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Title Insurance and the All-Cash Deal
By Barbara Pronin
Your clients are paying cash for the home. They’re proud and happy to be able to do this and never again face a mortgage payment or pay interest on a mortgage loan. As their agent, you’re pretty happy, too, because an all-cash deal will likely close faster, clearing the way for a quicker commission payday.
Your clients are prepared to pay the required closing costs, and a handful of other fees. But they balk at buying title insurance. Why do they need it, they ask?
Because, you tell them, the one-time fee they pay for an owner’s policy will protect them against a host of potential threats to ownership for as long as they live in the home.
Real estate history is full of cases, you say, where unprotected all-cash buyers have been burned - like the man who bought a vacation home from a bank that had obtained it through foreclosure. But the wrong person had been served the foreclosure notice, making the foreclosure null and void and voiding the sale as well, leaving the hapless cash buyer with nothing but empty pockets.
Or the couple who paid far less than the asking price because the owner wanted a quick sale, only to learn too late that there were liens against the property that the seller had failed to disclose. Once the couple became the recorded owners, they were responsible for the debts.
In cases like these, as real estate professionals know, an owner’s title insurance policy would have provided protection.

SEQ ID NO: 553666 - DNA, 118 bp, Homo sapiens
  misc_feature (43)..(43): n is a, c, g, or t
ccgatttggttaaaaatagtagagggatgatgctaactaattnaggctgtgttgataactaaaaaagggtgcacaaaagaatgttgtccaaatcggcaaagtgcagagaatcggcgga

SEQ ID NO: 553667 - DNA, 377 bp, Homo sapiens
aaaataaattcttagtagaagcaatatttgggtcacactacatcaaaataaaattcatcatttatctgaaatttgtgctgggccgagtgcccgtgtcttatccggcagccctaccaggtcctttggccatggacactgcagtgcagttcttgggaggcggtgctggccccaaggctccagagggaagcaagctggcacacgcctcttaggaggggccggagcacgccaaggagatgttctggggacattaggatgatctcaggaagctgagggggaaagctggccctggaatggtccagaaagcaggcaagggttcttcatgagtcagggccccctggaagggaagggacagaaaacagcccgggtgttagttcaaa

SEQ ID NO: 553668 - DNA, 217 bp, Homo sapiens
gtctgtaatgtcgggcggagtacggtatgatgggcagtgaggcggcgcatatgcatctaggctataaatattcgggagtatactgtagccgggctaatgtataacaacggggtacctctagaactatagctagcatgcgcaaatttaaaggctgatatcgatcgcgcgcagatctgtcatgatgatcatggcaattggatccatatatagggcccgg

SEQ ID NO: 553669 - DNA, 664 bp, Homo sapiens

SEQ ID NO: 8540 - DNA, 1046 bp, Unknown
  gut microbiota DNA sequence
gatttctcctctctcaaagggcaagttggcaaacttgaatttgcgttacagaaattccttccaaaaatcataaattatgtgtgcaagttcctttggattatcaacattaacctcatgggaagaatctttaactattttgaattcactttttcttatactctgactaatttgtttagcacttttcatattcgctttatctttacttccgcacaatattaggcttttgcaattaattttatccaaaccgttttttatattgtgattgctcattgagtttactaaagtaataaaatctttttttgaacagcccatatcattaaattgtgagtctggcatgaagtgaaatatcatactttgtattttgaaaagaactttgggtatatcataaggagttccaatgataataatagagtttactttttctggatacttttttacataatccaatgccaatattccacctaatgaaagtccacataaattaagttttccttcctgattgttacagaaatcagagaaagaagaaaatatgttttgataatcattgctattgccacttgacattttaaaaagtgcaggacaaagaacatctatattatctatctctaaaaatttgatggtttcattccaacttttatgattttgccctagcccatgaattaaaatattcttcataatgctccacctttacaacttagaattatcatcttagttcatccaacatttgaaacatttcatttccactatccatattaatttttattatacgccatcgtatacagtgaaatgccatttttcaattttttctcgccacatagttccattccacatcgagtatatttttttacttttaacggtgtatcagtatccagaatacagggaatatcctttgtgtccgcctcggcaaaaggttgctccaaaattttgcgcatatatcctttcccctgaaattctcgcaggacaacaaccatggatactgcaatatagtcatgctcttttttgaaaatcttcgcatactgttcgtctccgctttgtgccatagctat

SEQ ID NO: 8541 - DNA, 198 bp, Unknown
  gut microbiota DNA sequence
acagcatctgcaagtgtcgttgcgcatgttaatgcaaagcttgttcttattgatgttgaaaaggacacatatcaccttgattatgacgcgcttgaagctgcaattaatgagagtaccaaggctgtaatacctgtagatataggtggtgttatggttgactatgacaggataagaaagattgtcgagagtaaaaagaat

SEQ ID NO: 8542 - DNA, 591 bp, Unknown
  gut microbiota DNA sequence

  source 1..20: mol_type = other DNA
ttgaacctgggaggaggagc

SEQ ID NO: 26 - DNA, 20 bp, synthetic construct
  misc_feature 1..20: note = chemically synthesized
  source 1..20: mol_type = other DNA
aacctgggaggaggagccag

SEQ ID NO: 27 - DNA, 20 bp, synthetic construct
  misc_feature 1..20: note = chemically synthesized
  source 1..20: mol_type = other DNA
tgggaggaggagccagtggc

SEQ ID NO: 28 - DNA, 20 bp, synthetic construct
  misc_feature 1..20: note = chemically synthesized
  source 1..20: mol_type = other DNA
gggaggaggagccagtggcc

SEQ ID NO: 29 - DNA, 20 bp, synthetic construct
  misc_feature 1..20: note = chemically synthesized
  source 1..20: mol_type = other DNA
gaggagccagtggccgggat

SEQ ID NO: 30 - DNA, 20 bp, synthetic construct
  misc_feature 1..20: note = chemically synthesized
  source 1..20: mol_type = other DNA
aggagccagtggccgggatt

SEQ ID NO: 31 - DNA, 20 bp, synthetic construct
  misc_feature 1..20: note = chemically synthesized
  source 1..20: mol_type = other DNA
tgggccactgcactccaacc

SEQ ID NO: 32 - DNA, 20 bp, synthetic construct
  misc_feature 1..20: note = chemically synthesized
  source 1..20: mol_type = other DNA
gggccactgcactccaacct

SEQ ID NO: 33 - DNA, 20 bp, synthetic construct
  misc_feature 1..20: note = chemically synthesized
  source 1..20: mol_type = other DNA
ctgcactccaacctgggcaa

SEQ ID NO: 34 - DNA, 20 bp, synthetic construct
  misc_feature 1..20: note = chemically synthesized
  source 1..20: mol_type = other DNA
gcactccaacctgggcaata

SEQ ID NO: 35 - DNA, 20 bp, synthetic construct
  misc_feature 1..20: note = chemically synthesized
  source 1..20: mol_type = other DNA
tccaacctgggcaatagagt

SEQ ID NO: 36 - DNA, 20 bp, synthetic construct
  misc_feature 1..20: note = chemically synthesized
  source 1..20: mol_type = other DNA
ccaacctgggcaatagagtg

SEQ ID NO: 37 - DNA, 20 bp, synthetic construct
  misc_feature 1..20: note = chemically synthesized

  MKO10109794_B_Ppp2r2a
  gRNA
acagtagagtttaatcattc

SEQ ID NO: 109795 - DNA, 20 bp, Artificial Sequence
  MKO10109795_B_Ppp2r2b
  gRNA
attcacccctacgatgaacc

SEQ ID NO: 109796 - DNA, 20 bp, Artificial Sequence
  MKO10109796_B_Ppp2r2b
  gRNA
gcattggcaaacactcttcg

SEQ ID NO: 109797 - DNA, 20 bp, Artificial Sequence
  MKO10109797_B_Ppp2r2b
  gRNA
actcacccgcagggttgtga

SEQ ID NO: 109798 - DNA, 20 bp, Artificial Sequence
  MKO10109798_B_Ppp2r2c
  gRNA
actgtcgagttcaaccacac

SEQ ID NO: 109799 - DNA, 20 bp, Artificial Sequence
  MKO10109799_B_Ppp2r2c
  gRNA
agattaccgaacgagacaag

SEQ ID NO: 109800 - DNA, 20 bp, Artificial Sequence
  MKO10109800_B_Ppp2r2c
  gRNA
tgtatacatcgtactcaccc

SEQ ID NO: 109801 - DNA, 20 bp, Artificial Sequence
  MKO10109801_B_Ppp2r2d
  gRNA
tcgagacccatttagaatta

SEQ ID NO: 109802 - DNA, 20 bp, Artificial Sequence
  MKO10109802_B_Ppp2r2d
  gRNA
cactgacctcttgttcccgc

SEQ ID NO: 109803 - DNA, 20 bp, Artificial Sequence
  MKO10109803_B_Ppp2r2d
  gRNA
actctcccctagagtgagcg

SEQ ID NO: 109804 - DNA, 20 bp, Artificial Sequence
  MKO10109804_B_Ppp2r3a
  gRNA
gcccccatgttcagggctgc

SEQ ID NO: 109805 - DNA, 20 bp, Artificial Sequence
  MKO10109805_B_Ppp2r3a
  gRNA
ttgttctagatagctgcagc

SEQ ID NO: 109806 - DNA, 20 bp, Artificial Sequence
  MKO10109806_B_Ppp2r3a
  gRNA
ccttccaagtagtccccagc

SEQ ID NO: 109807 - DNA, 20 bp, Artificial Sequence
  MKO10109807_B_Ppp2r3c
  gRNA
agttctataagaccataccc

Whether you are paying cash for the home or not, you tell your buyers, when you purchase a title policy, the insurance company protects your interests in most claims against ownership.
Your policy will have you covered against forgery, misrepresentation, fraud in document execution. It protects against problems regarding encroachments, mechanic’s liens, or property lines, or even if a missing heir of the previous owner turns up to claim a stake in the property. That owner’s title policy, you suggest, a fair price to pay in exchange for peace of mind.
As a trusted advisor, you know it’s your duty to help clients make good decisions, and because they trust you, they will likely take your advice and you can all sleep a little bit better. That well-worn axiom, “an ounce of prevention is worth a pound of cure,” is as true today as it was when Ben Franklin first said it nearly 300 years ago.
Barbara Pronin is an award-winning writer based in Orange County, Calif. A former news editor with more than 30 years of experience in journalism and corporate communications, she has specialized in real estate topics for over a decade.

This material is not intended to be relied upon as a statement of the law, and is not to be construed as legal, tax or investment advice.  You are encouraged to consult your legal, tax or investment professional for specific advice.  The material is meant for general illustration and/or informational purposes only.  Although the information has been gathered from sources believed to be reliable, no representation is made as to its accuracy. 


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